TAT eastern segment.PNG
 
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armyRN

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I mentioned this back at the beginning of the thread.

I just happened to discuss it again in this thread that I posted this morning.


You only need the permit if you take the hard section of Tincup. The modern route bypasses it.
Just for the heck of it, I just ordered a Colorado OHV Permit in case I get a wild hair or if Neal tries to talk me into something. They're $25.25 (I rounded up to $28 - the extra few bucks goes to further help Colorado's outdoors stuff) and good for one year. They said figure 20 days for the permit to get here (business days or calendar days? I dunno).

Another thing to stick on my Jeep. I do want to do the COBDR (Colorado Back Country Discovery Route) someday. Either in my TJ or 2A. I've used the BDR paper maps in the past on adventures and was impressed with their depth/detail and paper quality. They make a nice addition to using the GPS Tracks. So many trips out there in the USA alone. Check out their (BDR) site for the maps they offer (link below has on their header the other maps they offer).

Link: Colorado Backcountry Discovery Route (COBDR) Map & Information (ridebdr.com)
 
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armyRN

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I finished installin a TeraFlex 2WD low kit for my TJ's NP231 transfer case. I'm running an Aussie locker in the front (Detroit locker rear), and sometimes it wants to swing wide in 4WD low on hairpin curves.

Link: TJ: NP231-J 2Low 2WD Low-Range Shift Sector Kit - TeraFlex

Not a job for the faint of heart. It is a dirty, messy, involved job - fortunately this wasn't the first time I've been inside my transfer case (put the SYE kit in it years ago). I installed it with the transfer case attached to the tranny.

Yesterday was getting ready for the job - supporting the transmission while dropping the skid plate, and then dropping the driveshafts and lubing them (the front driveshaft is a pain to lube at the transfer case end). Some of the grease fittings used a needle attachment.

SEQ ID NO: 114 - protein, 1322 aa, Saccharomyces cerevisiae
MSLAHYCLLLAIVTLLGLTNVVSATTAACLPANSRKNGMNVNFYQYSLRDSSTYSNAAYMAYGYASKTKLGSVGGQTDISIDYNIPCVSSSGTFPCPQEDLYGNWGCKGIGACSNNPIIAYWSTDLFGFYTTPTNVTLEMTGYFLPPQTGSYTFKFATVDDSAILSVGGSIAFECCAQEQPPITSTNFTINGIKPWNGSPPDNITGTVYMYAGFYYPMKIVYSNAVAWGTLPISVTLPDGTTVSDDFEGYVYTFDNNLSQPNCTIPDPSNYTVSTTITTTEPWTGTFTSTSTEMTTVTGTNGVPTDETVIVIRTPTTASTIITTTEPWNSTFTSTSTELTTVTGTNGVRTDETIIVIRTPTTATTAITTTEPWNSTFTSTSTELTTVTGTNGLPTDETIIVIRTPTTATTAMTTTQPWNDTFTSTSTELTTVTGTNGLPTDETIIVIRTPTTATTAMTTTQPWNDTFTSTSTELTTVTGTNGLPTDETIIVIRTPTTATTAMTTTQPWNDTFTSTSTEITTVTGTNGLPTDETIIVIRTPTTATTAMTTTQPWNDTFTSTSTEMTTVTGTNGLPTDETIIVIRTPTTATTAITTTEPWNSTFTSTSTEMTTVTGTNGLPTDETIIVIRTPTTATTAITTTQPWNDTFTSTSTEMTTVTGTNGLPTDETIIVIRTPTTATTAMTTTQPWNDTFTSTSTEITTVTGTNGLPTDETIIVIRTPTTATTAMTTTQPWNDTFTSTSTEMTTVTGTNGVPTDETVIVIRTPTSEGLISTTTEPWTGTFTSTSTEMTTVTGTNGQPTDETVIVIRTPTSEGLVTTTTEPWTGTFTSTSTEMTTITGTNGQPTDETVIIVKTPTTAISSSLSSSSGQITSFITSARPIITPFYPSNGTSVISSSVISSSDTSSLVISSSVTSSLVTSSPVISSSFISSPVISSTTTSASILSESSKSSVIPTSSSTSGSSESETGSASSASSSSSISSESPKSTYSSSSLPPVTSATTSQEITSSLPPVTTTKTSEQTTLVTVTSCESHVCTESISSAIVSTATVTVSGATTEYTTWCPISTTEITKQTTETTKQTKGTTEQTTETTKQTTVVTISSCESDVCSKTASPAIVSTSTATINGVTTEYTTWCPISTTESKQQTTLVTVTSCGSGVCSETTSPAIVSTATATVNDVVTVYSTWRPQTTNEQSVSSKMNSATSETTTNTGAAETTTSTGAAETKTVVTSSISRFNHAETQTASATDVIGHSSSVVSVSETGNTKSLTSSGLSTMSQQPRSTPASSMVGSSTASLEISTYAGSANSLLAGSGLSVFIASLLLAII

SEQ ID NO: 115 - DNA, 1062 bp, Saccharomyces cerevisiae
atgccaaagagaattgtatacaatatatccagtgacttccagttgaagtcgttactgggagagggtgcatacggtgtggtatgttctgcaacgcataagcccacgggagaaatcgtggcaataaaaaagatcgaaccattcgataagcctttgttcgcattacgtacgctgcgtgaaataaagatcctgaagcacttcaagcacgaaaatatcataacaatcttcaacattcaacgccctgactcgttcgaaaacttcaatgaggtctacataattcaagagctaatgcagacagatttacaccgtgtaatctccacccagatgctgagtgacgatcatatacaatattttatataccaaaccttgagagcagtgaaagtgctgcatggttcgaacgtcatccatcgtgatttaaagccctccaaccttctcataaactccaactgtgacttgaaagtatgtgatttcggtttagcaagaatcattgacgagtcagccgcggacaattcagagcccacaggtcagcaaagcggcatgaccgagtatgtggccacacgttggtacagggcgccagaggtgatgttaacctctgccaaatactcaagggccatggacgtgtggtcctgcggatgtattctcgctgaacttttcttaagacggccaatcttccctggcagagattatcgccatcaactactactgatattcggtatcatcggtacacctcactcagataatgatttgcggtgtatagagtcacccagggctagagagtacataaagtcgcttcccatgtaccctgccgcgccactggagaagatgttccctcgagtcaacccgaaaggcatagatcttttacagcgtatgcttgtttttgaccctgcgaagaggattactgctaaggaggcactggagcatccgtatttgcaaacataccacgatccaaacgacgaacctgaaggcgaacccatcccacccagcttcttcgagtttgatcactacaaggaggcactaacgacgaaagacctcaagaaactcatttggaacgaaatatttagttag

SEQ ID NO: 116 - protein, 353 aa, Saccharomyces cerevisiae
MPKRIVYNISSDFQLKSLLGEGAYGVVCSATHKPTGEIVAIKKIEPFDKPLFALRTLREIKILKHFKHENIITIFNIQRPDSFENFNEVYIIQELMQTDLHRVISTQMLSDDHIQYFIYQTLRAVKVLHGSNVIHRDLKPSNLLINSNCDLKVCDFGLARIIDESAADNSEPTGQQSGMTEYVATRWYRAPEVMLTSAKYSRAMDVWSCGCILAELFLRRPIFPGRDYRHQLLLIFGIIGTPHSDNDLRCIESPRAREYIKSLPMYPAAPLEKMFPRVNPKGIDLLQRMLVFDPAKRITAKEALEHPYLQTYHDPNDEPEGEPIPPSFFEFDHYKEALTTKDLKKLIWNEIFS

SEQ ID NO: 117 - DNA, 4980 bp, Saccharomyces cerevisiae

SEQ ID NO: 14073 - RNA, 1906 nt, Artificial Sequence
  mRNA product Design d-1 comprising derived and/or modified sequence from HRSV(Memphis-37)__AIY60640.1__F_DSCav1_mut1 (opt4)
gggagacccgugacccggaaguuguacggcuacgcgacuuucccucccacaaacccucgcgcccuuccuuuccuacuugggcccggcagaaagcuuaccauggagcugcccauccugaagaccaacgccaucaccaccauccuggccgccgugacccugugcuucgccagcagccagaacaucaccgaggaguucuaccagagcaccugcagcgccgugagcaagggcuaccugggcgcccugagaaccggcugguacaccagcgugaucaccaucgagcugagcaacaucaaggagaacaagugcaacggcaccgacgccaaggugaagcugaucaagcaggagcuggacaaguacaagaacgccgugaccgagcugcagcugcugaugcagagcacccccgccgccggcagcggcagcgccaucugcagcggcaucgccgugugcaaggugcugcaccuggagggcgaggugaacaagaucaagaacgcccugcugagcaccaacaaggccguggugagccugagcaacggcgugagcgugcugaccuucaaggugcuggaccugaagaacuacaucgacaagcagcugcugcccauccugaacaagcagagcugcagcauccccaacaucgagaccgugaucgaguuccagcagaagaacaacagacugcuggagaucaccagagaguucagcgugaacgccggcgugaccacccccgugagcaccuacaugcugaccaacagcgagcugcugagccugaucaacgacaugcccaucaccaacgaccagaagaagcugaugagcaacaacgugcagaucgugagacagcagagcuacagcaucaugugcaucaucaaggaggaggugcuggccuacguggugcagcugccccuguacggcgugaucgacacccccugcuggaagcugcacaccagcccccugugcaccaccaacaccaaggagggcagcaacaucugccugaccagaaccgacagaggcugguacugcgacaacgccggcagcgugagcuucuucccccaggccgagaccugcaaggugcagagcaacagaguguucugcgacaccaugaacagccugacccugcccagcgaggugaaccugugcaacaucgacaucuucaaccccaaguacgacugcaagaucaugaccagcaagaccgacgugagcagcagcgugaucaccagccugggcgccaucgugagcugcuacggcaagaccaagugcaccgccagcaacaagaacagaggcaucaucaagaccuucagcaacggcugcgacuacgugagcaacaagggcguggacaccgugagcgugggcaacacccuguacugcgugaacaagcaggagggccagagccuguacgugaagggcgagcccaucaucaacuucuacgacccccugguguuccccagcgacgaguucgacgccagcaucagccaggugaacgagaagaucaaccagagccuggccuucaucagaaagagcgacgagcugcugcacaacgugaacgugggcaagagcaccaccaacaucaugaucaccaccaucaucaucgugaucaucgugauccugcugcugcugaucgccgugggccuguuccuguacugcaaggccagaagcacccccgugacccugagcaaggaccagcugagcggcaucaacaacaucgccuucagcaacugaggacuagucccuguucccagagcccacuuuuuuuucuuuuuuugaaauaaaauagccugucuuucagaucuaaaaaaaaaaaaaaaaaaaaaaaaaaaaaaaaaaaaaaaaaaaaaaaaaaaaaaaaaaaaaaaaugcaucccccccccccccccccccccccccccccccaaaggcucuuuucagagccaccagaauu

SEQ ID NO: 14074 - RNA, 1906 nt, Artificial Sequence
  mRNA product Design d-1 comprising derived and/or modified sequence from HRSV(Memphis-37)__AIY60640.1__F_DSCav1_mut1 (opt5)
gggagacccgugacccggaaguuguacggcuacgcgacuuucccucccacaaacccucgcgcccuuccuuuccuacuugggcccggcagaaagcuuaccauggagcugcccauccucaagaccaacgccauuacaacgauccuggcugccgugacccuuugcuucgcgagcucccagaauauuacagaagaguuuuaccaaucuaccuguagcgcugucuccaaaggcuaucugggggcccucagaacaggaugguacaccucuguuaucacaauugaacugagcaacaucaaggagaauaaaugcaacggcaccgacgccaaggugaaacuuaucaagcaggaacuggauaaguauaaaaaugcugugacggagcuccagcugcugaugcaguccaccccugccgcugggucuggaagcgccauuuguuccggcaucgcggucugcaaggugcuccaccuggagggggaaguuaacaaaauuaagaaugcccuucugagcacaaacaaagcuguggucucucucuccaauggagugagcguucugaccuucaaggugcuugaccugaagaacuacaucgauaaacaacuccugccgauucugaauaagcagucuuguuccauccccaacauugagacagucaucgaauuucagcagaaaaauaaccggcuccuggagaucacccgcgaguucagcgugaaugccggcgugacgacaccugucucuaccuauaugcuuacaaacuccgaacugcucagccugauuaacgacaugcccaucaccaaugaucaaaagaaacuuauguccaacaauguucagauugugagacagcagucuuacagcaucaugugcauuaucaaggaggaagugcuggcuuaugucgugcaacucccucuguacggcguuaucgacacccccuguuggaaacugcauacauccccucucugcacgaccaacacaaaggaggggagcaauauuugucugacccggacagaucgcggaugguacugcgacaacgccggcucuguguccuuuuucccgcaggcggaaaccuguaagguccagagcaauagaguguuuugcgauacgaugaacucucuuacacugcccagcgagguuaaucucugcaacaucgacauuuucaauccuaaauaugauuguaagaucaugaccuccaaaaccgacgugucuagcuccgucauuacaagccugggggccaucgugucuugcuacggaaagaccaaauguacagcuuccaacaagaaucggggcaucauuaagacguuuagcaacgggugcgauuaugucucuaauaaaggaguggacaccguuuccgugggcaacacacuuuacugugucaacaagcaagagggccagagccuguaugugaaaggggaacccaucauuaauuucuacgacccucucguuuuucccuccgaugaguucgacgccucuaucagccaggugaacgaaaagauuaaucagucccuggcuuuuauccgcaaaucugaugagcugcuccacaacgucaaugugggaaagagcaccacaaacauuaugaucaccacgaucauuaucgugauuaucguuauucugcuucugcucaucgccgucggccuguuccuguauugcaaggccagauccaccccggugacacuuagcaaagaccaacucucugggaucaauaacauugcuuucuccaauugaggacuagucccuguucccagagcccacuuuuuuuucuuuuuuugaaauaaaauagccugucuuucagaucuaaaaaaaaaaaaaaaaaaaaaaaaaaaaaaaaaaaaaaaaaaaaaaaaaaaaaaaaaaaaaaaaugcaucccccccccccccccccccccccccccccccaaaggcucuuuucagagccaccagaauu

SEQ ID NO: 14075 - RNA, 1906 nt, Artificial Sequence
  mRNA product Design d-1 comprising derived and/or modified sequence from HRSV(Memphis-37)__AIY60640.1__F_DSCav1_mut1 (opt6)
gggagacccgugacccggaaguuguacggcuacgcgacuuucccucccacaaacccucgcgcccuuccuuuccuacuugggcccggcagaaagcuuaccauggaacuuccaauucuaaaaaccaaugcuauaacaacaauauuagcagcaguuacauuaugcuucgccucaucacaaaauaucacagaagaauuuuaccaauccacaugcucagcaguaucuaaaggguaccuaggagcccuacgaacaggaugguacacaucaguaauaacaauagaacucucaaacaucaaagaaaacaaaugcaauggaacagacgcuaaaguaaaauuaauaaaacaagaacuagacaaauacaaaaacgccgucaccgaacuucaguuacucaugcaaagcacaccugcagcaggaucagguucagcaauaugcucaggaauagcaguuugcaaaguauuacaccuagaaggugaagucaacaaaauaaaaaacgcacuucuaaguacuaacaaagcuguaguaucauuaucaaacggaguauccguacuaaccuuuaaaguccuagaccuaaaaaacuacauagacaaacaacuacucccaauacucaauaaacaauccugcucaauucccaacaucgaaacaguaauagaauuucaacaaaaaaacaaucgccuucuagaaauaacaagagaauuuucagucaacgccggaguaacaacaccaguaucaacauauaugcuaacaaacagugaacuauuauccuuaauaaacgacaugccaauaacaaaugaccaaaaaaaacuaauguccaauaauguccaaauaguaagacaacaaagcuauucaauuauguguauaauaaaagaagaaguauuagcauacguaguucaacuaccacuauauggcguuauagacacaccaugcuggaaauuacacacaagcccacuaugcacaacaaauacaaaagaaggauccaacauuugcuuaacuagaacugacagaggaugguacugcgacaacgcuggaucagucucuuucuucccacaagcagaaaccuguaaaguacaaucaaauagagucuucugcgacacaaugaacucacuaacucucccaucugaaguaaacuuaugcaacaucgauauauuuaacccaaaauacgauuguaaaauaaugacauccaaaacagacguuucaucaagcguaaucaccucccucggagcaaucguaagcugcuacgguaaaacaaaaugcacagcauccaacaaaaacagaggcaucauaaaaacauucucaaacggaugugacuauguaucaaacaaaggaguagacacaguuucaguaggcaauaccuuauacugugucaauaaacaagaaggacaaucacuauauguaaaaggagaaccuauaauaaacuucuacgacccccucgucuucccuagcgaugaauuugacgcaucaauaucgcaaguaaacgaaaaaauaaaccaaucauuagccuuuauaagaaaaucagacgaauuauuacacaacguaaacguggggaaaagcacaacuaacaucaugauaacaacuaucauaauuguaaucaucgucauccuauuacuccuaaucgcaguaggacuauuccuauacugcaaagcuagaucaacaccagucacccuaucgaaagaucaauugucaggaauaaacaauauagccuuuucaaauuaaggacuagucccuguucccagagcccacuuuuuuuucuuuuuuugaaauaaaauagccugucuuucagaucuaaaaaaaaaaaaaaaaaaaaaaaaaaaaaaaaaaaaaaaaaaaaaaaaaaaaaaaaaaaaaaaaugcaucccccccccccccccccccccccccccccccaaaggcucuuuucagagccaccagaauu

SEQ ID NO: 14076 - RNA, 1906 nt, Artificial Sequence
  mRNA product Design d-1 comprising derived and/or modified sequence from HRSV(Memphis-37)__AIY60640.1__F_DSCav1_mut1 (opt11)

Then today was splitting the case, installing the parts, then putting it all back together again (much easier said than done). I had a dent in my skid plate that I straightened out with a big hammer while I had it out, and wire brushed some spots that were getting rusty and then some black spray-paint (on the skid plate, and under the frame where the skid plate attaches). I tested it out - it works. I thought the front of the Jeep was going to lift off the ground when I tried out 2WD low (and I've got a four cylinder engine).

Bring on those hairpin turns in the Colorado mountains! I'm ready.
 

Neal A. Tew

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@armyRN, Unless there are a bunch of switchbacks on some of the lesser roads that I haven't done, there just really isn't that many issues on the Shadow route. I can only think of 2 switchbacks on Tincup right off hand.

If we were to continue west along the normal route over to Lake City, Silverton and Ouray then you'd really see some switchbacks. One trail there is called Corkscrew for good reason!
 
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armyRN